Mercedes-Benz completely changed the C-Class for 2015. A ground-up redesign endowed the C with a new architecture with more aluminum, which gave engineers rein to design a larger car that still weighs about 200 pounds less than the previous version.
The lighter weight makes itself known in the C-Class' performance profile. Over the course of a few generations, it's truly met the BMW 3-Series, head to head, for performance, ride, and handling—and this year's new C450 AMG takes down the mid-line 3er by the neck.
This year's base engine carries over from 2015. It's a 2.0-liter turbo-4, as installed in the C300, that delivers 241 horsepower and 273 pound-feet of torque. Coupled to a 7-speed automatic and either rear- or all-wheel drive, it's plenty fast for most drivers, with 0-60 mph times registering in the mid-6-second range. It feels wonderful and whizzy in the way that the compact CLA45 AMG does; the engine finds its boost almost instantly, and while it doesn’t build to a high-rev frenzy or crackle like in the CLA45, throughout the rev band it feels strong and its turbo is staged well.
With this newest chassis and steering and suspension, the C-Class can finally claim a lock on the same level of handling as the 3-Series, or even our current favorite, the Cadillac ATS. Steering in the C-Class is electrically assisted, but it's one of the best systems available today among luxury cars. Its variable ratio is precise and accurate, delivering predictable results for a given steering input; and there's just a bit of real feedback from the road surface. It's also fairly quick in its ratio, requiring just about 2.2 turns lock-to-lock, making tight maneuvers, especially when parking, that much easier.
The suspension the new chassis rides on is improved as well, still offering standard steel springs in its base configuration, but now available with the first air suspension system to be offered in the compact luxury segment. The continuously variable damping system can be adjusted through a range of settings including Comfort, Eco, Sport, and Sport+ modes, along with an Individual option that allows the driver to tweak the settings to their own preferences.
In practice, the Airmatic suspension yields a comfortable, smooth ride and, thanks to a progressive-rate tune on the air-spring system, surprisingly little total body roll at the limit. While that sounds good, it's a little disconcerting, keeping oddly flat in all but the tightest corners. You're not quite as "in touch" with the base car at times when you want it to momentarily play the role of sport sedan. That's better attained in the relentlessly flat-cornering C450 AMG Sport or the AMG C63 twins.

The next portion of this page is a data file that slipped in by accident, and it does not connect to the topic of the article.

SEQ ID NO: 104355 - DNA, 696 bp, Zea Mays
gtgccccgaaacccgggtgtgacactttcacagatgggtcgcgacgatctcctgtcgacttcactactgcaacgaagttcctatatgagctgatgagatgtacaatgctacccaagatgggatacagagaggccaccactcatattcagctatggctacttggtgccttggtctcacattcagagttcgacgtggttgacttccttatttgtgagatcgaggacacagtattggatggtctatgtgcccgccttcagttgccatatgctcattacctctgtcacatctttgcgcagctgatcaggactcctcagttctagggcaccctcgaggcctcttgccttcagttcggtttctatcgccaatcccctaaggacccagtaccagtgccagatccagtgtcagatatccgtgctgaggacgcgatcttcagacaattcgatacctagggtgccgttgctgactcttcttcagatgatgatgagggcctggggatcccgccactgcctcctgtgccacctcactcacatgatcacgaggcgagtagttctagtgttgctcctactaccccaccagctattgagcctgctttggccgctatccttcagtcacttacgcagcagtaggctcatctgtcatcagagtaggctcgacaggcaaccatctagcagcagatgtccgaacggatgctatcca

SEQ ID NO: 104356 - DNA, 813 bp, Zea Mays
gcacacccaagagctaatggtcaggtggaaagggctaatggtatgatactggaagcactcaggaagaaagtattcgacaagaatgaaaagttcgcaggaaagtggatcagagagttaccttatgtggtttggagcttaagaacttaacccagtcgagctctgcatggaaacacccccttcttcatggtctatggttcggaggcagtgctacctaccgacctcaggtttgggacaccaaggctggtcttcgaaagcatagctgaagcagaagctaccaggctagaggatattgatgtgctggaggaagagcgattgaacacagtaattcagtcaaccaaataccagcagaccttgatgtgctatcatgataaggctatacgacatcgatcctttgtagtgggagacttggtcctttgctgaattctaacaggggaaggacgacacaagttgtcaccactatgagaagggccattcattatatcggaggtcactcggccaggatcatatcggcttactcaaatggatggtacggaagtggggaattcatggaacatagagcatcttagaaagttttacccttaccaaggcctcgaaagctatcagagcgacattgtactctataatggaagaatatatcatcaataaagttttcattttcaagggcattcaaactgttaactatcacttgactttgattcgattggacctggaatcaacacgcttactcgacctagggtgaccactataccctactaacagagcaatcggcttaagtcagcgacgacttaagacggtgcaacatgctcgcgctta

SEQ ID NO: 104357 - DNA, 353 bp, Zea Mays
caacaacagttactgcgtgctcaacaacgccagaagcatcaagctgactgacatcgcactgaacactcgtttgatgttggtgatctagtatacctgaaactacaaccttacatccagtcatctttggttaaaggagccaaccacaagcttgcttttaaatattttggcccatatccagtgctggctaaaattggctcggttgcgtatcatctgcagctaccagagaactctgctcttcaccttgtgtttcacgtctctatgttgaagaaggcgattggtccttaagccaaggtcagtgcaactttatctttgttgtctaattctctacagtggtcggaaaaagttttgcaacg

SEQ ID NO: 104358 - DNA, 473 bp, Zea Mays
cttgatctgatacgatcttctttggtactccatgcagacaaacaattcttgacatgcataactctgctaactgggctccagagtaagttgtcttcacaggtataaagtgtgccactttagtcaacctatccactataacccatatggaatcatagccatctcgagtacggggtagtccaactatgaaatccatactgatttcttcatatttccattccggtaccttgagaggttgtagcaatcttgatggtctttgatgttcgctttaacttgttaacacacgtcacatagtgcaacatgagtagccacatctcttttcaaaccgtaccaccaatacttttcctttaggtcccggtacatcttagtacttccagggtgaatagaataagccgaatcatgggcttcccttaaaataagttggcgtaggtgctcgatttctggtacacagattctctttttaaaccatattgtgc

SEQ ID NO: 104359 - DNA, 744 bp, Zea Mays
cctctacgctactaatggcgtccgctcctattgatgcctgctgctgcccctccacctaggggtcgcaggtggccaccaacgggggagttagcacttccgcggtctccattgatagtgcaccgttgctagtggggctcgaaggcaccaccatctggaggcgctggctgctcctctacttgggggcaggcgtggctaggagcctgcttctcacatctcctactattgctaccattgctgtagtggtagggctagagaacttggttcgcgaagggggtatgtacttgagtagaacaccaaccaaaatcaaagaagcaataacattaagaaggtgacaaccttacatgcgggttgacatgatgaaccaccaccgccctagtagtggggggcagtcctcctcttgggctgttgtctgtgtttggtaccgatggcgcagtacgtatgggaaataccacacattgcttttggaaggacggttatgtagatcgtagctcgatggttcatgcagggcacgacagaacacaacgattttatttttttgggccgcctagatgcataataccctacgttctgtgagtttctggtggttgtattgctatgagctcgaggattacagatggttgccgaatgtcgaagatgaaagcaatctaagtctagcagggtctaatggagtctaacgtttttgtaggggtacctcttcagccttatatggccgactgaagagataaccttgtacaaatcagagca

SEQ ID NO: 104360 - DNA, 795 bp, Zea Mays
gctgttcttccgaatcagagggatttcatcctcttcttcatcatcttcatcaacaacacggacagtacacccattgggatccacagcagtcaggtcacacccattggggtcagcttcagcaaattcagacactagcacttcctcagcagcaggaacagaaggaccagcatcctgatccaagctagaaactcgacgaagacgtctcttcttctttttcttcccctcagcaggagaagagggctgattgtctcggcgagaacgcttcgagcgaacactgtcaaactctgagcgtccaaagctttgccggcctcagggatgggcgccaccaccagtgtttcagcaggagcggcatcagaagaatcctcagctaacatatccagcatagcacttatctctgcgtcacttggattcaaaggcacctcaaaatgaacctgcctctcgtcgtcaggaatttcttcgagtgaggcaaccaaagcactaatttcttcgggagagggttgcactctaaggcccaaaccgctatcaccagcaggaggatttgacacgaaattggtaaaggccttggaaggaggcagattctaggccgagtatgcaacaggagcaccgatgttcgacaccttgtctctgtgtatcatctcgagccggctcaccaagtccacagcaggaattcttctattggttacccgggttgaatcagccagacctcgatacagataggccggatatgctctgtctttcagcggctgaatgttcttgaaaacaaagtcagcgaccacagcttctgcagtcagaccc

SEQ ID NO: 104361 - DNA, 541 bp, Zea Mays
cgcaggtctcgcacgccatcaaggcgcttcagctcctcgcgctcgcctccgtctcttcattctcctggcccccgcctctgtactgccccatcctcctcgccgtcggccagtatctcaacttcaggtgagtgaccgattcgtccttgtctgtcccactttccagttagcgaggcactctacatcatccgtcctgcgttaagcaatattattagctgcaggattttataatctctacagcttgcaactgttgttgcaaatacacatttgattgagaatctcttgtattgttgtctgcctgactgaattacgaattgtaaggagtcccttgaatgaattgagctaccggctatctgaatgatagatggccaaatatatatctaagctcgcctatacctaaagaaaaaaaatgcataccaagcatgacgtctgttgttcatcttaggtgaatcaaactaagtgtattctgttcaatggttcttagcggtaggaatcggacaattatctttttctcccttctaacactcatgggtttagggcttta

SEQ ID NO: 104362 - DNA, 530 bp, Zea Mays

The delightful new mid-range C-Class is the C450 AMG Sport, a model that replaces the former C400. Both carrying a twin-turbo V-6, the C450's engine is an entirely new architecture as well, and it delivers 362 hp, up from 329 hp in the former powerplant. Like its predecessor, the new twin-turbo V-6 engine is potent, and feels strong in any gear or rev range; it pulls willingly whether passing at 60 mph, which it can reach in about 4.9 seconds, or accelerating from a stop. The engine's note, though muted, is pleasant, with a good balance of induction and exhaust sounds penetrating the cabin at lower engine speeds, giving off that classic AMG whuffle. It's much, much closer to the C 63 AMG in output and mission, while leaving the truly bonkers acceleration and track-ready responses to its purer AMG kin.
Covered separately, the C63 AMG is a piece to behold. Sold as either the Mercedes-AMG C63 or C63 S, it ushers in an entirely higher plane of performance with a 4.0-liter twin-turbocharged V-8 engine. In the C63 it's rated at 469 hp and 479 lb-ft of torque, while the C63 S gets 503 hp and 516 lb-ft. The resulting acceleration is brisk, if not quite as mental as the Caddy ATS-V: the C 63 will hit 60 mph in 4.0 seconds; the C63 S takes 3.9 seconds and can hit 180 mph.
The AMG models offer improved steering feel, thanks to a separately engineered front end and AMG-tweaked steering assist. Adjustable dampers control ride quality, standard all-wheel drive and an electronic locking differential control power application (and aid handling). The all-wheel-drive system is set with a 33/67 torque bias, and offers electronic torque vectoring across the rear wheels. Brakes are upsized; the transmission has five modes of control, including a true manual, rev-matching mode; and a sport exhaust mode gives the V-6 a muscular takeaway.
Together with 18-inch staggered wheels (19s are an option), the whole setup feels much crisper, much more tied together, than the standard non-AMG C-Class range—and more than the competition from BMW.